1. Mountaineering boots: Invest in a pair of sturdy and waterproof boots with good ankle support to handle the rugged terrain and icy conditions.
  2. Layered clothing: Pack a variety of lightweight and moisture-wicking clothing layers to adapt to the changing weather conditions. Include base layers, insulation layers, and a waterproof outer shell.
  3. Climbing helmet: Protect your head from falling rocks or ice by wearing a durable climbing helmet throughout the ascent.
  4. Crampons and ice axe: These tools are essential for navigating icy slopes and ensuring secure footing on the mountain.
  5. Backpack: Choose a comfortable and spacious backpack to carry your gear and supplies during the climb.
  6. Sleeping bag and tent: A high-quality sleeping bag and a lightweight, durable tent are necessary for overnight stays at base camps.
  7. Navigation tools: Carry a map, compass, and GPS device to navigate the mountain’s complex terrain.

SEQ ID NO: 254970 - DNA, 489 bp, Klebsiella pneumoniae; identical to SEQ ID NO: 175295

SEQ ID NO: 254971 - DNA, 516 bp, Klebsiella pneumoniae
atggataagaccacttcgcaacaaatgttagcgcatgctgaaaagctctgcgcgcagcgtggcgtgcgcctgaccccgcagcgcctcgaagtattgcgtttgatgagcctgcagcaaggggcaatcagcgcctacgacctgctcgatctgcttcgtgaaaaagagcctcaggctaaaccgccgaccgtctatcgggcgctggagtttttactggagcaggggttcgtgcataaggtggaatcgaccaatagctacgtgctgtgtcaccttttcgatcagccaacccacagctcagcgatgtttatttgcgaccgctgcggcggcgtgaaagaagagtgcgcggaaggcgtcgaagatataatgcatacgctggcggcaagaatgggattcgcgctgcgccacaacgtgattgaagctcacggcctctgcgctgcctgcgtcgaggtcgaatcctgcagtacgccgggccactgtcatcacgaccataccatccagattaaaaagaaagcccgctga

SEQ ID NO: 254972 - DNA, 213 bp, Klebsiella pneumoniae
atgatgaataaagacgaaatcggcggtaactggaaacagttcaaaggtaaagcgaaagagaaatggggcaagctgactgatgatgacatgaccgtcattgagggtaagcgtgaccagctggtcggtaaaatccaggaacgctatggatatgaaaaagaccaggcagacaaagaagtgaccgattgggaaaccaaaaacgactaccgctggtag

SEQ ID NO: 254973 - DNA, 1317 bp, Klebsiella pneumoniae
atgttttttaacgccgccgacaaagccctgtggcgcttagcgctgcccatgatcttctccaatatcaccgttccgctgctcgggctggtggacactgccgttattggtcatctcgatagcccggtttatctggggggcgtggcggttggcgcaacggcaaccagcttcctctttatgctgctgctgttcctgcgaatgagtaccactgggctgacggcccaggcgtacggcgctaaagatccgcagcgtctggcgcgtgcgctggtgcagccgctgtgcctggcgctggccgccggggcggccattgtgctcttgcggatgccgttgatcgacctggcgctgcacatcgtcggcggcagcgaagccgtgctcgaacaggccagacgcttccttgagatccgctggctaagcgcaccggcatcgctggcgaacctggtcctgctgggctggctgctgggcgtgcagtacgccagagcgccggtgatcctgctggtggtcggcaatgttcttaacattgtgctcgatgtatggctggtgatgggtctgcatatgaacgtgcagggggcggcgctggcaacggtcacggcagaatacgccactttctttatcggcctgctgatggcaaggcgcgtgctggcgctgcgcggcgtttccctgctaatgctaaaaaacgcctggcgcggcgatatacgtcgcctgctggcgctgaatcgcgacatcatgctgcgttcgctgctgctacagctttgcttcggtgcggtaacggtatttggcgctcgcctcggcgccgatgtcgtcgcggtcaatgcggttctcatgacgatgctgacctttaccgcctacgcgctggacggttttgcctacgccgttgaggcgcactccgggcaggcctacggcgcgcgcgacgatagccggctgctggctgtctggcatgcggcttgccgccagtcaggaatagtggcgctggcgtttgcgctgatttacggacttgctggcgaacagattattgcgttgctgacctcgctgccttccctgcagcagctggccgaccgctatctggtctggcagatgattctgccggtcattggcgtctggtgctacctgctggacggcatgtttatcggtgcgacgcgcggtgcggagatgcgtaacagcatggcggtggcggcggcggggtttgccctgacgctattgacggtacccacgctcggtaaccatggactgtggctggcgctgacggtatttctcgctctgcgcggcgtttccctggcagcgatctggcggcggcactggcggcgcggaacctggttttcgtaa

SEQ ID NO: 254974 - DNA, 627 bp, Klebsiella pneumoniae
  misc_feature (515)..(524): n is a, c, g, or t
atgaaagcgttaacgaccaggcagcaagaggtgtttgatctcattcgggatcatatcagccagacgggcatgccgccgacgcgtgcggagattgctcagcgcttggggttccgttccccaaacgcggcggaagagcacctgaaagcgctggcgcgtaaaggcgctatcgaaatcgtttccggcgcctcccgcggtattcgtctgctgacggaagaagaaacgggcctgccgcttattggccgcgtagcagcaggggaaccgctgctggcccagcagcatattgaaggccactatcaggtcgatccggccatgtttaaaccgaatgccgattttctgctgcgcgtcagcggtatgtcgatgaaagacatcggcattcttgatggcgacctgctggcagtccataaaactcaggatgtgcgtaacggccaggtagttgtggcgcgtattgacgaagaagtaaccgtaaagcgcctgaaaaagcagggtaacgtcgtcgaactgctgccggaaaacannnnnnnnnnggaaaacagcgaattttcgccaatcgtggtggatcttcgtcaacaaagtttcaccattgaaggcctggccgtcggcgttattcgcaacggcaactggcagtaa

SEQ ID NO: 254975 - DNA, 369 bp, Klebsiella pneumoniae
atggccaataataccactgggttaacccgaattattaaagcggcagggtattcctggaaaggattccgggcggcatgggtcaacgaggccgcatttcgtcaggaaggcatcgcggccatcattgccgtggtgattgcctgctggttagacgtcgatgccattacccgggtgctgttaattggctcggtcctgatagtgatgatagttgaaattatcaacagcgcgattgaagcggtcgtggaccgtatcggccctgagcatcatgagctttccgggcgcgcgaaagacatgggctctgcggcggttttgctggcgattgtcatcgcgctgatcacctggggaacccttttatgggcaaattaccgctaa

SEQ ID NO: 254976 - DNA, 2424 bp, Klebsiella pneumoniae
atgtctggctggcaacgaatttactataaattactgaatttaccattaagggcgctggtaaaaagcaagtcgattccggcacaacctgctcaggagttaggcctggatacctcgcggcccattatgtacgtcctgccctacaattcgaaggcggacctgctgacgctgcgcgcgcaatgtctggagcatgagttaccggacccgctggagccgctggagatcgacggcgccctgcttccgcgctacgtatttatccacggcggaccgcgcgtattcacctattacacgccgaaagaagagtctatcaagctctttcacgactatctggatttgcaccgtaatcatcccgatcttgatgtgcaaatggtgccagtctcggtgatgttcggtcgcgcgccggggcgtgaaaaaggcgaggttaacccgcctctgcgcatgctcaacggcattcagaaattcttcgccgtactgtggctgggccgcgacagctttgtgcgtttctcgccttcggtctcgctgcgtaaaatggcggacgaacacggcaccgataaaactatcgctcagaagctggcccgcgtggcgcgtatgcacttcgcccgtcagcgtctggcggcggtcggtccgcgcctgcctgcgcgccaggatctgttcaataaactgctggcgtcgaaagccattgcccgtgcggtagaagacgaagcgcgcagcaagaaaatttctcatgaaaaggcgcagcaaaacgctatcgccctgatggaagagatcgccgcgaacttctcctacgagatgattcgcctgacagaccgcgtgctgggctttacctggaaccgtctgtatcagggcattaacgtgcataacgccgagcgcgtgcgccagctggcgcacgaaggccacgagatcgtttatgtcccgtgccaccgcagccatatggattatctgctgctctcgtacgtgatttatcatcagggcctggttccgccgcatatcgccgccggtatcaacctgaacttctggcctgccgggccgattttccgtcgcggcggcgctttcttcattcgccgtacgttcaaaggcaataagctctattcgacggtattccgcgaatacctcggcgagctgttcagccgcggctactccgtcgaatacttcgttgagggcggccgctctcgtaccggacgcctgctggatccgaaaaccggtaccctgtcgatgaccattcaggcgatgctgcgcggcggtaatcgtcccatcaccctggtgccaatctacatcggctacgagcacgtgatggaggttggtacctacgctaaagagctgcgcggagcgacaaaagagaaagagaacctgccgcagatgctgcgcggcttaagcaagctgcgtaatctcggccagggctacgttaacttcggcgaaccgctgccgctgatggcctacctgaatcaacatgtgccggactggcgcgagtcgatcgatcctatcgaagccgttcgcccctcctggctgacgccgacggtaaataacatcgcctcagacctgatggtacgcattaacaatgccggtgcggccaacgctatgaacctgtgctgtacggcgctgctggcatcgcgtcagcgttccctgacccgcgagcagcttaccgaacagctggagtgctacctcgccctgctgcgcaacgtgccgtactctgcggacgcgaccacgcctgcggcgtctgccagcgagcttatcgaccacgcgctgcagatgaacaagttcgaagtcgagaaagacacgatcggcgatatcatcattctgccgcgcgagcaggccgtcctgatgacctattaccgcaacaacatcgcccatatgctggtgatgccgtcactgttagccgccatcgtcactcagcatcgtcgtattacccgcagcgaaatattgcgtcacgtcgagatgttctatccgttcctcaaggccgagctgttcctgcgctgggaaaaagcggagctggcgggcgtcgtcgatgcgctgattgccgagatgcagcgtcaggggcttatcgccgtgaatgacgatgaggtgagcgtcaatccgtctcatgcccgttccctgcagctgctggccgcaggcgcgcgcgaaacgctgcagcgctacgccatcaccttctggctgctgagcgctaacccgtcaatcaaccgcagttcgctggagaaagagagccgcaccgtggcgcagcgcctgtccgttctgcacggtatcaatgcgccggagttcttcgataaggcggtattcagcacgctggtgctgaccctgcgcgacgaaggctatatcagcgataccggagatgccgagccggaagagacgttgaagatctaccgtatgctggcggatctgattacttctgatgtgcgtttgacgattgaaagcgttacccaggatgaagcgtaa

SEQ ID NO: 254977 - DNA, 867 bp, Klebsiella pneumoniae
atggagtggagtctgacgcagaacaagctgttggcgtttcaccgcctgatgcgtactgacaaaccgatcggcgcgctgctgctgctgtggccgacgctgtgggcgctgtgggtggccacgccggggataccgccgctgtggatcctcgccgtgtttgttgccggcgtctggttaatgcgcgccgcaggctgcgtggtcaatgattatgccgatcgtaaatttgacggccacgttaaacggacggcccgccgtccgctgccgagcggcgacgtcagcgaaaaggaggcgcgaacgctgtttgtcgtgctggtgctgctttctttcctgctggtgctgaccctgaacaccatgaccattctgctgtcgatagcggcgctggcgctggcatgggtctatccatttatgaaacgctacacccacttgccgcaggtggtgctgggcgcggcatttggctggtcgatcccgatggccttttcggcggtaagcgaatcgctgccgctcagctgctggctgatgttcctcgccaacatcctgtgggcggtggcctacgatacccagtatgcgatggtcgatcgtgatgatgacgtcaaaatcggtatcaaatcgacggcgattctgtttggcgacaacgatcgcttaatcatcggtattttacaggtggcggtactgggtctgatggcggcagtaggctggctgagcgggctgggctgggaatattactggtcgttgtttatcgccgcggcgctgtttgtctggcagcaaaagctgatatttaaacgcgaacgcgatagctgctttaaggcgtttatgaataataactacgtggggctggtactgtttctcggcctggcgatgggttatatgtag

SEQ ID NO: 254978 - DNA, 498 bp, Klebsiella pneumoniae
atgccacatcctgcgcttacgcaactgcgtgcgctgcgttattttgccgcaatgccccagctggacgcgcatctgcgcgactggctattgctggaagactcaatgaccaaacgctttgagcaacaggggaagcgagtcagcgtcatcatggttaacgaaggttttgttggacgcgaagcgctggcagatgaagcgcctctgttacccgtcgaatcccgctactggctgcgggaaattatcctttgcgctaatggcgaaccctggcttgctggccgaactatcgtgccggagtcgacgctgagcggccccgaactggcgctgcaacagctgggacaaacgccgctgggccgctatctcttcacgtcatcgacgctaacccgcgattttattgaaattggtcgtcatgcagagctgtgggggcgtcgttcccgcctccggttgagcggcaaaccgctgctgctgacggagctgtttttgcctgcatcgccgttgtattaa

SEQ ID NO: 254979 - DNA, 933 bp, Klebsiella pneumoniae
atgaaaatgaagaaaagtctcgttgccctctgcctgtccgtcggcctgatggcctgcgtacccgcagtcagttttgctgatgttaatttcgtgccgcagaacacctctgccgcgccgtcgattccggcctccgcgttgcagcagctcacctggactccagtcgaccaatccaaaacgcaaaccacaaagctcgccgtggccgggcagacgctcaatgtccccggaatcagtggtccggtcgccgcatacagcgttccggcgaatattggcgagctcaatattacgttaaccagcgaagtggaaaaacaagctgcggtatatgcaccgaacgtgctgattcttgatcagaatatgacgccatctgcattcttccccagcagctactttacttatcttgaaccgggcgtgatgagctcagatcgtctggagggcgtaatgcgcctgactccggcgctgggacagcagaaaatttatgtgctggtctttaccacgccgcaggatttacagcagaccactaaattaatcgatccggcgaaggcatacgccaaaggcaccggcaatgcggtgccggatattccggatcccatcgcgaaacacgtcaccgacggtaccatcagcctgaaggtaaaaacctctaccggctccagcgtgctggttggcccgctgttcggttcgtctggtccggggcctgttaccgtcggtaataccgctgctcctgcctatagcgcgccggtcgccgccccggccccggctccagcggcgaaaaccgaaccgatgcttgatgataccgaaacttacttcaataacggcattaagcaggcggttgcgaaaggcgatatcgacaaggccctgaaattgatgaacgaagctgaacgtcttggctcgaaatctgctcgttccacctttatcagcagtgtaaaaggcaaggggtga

8. First aid kit: Pack a comprehensive first aid kit, including altitude sickness medication, to address any medical emergencies during the expedition.

Remember to thoroughly research and invest in reliable gear that meets safety standards. Consult with experienced climbers or hire a professional guide to ensure you have all the necessary equipment for a safe and successful ascent.

By adequately preparing for your expedition to Mount Huascarán, including choosing the right time for climbing, focusing on physical fitness and training, and gathering essential gear and equipment, you will be setting yourself up for an unforgettable adventure in the Andes.

Journey to Mount Huascarán

Arriving in Huaraz